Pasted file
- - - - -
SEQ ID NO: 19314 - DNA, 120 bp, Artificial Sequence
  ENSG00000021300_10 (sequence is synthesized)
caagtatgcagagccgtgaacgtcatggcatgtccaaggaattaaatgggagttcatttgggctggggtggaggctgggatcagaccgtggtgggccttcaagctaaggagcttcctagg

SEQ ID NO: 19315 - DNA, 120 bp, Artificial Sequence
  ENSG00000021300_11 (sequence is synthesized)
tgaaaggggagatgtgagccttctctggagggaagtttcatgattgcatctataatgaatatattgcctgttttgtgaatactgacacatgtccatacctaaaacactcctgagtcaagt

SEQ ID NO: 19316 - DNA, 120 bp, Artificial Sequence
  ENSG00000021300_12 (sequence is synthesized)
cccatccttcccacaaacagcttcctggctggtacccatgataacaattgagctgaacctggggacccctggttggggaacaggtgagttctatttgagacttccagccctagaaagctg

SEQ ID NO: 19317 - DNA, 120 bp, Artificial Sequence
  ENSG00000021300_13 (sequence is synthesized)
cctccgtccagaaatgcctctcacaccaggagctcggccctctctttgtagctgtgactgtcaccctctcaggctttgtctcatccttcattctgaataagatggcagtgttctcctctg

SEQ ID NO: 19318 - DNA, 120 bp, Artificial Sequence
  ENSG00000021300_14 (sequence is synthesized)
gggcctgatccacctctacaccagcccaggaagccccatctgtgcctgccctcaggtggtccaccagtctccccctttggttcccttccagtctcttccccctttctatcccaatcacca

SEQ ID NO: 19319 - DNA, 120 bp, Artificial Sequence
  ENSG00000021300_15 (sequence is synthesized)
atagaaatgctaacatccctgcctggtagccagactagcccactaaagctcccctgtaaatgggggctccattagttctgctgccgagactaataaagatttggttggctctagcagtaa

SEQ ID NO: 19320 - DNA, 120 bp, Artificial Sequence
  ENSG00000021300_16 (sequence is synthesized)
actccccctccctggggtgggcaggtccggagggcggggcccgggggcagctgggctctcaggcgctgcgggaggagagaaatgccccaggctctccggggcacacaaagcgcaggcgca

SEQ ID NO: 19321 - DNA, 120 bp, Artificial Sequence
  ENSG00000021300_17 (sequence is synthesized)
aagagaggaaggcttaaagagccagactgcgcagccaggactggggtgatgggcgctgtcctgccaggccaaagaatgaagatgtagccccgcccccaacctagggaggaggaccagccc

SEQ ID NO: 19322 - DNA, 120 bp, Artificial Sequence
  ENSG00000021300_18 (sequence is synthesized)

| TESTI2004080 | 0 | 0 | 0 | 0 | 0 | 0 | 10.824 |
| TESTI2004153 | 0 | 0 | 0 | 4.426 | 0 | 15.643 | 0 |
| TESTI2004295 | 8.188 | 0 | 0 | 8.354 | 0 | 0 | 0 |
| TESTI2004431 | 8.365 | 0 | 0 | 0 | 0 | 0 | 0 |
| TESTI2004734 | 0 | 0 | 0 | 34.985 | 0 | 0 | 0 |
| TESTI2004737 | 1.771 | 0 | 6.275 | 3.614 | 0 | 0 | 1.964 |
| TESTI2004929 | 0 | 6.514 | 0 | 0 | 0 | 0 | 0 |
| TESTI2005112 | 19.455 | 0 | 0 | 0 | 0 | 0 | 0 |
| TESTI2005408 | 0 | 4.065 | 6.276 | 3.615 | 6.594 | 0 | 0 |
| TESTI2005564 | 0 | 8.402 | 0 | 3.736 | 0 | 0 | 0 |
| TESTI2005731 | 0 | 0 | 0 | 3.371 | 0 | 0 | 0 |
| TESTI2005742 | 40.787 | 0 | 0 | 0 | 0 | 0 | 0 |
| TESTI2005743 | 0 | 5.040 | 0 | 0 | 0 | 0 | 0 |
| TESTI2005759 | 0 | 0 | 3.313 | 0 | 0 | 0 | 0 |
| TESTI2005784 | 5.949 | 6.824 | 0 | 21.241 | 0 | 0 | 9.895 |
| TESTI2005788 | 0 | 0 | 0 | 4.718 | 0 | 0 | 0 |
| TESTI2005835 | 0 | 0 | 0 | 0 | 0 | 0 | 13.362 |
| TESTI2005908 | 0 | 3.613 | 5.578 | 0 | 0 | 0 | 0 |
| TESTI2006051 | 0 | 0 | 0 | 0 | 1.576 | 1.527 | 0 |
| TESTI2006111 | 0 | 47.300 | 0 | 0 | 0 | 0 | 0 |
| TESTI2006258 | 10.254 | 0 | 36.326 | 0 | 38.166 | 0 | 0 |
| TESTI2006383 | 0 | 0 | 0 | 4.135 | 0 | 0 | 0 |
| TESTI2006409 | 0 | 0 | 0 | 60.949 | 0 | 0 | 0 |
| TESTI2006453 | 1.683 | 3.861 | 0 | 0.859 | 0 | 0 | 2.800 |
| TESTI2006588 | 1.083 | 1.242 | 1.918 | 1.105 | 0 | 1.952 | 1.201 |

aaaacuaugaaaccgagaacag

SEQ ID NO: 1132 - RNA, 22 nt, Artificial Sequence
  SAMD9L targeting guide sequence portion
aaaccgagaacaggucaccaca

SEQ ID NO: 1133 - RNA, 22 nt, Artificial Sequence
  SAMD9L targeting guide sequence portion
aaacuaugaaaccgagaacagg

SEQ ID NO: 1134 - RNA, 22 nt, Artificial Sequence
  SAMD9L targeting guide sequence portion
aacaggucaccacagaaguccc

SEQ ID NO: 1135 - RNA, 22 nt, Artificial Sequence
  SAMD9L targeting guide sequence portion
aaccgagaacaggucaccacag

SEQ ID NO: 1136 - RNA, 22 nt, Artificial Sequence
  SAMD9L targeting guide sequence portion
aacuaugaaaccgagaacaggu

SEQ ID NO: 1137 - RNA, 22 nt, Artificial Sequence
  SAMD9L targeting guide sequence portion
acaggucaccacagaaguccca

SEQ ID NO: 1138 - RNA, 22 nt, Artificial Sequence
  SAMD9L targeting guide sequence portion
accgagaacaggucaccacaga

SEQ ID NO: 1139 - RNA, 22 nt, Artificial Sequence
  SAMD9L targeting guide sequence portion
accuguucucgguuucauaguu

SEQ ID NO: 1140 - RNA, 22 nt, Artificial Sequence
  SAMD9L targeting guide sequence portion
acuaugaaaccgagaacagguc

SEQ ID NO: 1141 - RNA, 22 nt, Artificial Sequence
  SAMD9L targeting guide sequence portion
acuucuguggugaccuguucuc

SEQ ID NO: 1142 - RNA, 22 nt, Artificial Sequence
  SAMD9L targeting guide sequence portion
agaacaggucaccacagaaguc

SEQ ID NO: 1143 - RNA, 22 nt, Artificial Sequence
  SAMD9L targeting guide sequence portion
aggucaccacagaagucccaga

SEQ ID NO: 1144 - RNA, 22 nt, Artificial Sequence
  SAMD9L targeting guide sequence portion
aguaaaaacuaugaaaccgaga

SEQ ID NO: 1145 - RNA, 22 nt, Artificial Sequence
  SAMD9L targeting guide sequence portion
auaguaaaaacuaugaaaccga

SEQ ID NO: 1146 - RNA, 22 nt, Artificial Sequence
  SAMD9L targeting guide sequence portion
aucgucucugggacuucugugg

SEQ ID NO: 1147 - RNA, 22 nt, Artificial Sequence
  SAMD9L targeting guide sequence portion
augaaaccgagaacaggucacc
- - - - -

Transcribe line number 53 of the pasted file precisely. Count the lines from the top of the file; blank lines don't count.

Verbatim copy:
SEQ ID NO: 1132 - RNA, 22 nt, Artificial Sequence